Also launched during a press conference on Wednesday at the Chamber head office was the Global Supply Chain Finance (SCF) Forum which is led by the ICC Banking Commission. The forum seeks to clarify existing definitions and supply chain finance terminology.
It is jointly led by Euro-Banking Association (EBA), Bankers Association for Finance and Trade (BAFT), Factors Chain International (FCI), International Factors Group (IFG) and the International Forfaiting Association (IFA).
Encompassing both traditional and non-traditional products and services for Supply Chain Finance, the forum project responds to the growing need for greater harmonisation within the trade finance industry and will extend to products and services offered by financial institutions such as banks and factoring and forfaiting companies.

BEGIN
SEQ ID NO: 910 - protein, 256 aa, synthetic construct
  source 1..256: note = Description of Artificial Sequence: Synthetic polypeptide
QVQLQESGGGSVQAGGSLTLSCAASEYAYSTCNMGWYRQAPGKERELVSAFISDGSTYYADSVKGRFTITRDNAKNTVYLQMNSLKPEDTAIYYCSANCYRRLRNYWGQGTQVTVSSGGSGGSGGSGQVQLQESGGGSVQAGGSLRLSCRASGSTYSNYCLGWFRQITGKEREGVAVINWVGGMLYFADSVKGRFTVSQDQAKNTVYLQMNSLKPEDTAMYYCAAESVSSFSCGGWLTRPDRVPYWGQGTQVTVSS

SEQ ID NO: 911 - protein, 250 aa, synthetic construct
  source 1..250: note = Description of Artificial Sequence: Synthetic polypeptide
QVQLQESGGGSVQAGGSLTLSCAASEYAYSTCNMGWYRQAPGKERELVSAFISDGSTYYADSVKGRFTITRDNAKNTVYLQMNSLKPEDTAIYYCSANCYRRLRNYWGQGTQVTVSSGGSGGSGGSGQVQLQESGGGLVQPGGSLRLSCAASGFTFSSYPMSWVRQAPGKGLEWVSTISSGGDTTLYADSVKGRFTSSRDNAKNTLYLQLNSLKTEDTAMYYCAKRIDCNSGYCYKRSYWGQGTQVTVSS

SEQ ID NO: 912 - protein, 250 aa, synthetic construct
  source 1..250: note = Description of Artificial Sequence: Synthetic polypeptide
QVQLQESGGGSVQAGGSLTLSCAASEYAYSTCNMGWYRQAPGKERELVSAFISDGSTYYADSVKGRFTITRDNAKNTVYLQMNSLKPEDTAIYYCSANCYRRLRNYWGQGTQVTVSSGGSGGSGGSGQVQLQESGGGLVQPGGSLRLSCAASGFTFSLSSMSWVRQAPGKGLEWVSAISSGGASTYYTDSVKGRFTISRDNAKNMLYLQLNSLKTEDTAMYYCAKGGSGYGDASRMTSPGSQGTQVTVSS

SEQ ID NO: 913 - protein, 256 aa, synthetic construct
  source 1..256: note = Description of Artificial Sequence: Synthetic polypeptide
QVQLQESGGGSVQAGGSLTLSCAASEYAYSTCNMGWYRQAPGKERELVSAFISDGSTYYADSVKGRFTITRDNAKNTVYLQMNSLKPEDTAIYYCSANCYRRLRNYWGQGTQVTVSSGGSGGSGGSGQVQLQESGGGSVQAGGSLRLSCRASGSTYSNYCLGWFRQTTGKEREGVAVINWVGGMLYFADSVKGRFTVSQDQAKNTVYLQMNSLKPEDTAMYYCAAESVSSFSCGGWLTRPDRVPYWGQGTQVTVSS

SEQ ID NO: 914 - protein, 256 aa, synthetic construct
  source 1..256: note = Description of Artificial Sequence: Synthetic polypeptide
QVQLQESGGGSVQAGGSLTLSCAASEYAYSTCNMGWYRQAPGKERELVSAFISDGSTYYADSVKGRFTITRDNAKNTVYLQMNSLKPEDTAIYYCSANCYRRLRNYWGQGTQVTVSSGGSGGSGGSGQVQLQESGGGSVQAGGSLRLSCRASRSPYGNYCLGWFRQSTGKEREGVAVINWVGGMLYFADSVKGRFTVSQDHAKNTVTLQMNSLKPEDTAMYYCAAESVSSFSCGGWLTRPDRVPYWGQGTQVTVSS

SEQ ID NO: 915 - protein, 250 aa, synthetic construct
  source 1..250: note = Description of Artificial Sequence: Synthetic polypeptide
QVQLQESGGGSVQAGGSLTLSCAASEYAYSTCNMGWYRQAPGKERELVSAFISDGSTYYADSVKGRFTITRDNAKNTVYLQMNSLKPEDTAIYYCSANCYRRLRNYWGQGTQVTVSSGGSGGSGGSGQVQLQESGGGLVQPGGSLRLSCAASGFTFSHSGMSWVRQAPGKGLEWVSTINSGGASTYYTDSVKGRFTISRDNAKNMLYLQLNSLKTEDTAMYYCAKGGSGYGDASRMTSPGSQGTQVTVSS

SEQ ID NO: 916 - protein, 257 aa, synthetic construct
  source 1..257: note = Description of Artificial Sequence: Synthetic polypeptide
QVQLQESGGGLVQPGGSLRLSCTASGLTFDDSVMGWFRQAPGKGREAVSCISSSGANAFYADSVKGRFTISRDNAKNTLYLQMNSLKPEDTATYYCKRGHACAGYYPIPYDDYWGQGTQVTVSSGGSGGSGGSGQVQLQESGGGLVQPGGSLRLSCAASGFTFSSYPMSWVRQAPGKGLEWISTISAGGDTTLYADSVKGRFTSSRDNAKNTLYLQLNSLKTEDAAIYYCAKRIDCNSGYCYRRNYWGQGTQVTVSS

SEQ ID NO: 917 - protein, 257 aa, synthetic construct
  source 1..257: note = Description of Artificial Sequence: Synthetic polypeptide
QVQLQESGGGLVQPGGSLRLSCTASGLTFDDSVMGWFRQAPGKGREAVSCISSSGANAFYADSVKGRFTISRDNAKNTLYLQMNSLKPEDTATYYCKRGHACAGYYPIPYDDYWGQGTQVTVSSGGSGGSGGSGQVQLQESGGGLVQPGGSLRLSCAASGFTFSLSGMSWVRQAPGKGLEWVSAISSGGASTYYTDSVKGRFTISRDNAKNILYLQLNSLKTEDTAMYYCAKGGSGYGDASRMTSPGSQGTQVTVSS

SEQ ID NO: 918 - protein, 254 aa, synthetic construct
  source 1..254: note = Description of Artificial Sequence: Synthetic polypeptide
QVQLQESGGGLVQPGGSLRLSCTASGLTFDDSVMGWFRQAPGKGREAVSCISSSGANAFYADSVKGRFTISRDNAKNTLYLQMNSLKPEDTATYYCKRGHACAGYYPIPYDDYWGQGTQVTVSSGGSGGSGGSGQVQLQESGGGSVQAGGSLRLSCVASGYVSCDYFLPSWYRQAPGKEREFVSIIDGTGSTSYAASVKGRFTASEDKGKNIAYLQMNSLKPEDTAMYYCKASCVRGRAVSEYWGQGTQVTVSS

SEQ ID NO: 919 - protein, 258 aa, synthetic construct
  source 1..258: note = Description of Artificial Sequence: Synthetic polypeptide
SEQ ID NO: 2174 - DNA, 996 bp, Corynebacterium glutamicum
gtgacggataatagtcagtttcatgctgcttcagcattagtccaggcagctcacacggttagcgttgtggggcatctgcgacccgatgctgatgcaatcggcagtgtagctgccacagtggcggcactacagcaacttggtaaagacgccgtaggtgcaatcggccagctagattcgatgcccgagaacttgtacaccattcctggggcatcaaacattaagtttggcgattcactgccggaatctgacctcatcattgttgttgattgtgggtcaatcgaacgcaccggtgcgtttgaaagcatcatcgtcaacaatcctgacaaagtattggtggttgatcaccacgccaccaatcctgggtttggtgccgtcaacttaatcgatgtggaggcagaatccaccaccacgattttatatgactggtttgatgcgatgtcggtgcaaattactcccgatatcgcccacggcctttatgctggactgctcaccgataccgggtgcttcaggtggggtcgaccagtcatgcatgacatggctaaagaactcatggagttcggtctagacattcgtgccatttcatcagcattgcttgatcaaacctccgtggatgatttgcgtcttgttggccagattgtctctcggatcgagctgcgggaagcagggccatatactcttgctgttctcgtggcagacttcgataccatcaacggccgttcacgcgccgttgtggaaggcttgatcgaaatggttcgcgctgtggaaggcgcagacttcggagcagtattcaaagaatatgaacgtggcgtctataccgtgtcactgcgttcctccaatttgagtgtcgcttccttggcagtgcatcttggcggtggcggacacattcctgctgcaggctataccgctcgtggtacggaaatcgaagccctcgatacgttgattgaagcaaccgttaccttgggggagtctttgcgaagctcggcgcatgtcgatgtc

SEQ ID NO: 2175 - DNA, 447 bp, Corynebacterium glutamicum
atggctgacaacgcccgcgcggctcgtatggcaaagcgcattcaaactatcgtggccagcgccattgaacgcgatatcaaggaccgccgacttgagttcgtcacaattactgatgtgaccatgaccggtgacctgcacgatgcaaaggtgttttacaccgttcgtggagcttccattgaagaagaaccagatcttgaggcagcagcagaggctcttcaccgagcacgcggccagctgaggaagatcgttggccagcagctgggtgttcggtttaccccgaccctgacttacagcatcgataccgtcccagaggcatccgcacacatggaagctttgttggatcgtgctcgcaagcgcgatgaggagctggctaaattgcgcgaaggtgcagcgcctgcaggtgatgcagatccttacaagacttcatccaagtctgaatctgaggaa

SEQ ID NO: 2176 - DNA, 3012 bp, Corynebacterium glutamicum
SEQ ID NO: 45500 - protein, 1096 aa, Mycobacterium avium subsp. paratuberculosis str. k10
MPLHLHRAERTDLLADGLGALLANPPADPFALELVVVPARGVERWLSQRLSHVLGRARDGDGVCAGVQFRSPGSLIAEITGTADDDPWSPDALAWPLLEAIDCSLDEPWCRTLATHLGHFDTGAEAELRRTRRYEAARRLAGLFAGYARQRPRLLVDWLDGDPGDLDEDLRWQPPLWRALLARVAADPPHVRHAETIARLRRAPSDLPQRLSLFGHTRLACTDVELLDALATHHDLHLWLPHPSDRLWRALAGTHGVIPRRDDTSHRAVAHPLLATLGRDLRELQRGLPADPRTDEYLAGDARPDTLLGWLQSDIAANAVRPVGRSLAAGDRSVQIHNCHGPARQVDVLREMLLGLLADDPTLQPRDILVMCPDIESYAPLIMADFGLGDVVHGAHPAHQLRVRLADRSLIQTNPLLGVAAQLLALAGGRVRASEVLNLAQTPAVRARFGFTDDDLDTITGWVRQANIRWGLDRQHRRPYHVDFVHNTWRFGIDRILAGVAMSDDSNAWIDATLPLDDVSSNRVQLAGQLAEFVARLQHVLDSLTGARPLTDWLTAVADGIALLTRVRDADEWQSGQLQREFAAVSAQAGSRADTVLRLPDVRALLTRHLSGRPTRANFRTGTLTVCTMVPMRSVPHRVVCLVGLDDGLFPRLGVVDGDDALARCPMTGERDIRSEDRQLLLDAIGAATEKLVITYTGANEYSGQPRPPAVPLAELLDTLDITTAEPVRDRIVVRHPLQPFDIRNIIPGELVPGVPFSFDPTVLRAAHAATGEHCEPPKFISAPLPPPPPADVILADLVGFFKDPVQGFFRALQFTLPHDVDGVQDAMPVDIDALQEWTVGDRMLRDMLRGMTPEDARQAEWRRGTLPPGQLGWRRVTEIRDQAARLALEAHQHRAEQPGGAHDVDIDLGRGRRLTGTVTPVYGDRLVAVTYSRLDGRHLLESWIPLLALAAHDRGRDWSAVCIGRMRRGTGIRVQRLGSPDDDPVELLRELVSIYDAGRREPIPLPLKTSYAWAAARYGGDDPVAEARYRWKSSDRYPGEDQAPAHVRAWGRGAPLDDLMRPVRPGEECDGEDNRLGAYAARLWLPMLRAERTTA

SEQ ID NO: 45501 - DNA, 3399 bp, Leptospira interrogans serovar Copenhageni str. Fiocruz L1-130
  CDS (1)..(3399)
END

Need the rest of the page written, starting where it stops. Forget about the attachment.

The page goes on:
On his part, Kah Chye Tan, Chair of the ICC Banking Commission, said: “SCF is a growing market with considerable business opportunities identified for the near future. Today, due to the increased collaboration of bank and non-bank representatives globally and the advent of new communication technologies, it is more important to adopt universally-accepted terminology and techniques currently being developed by the industry to support increasingly globalized supply chains.”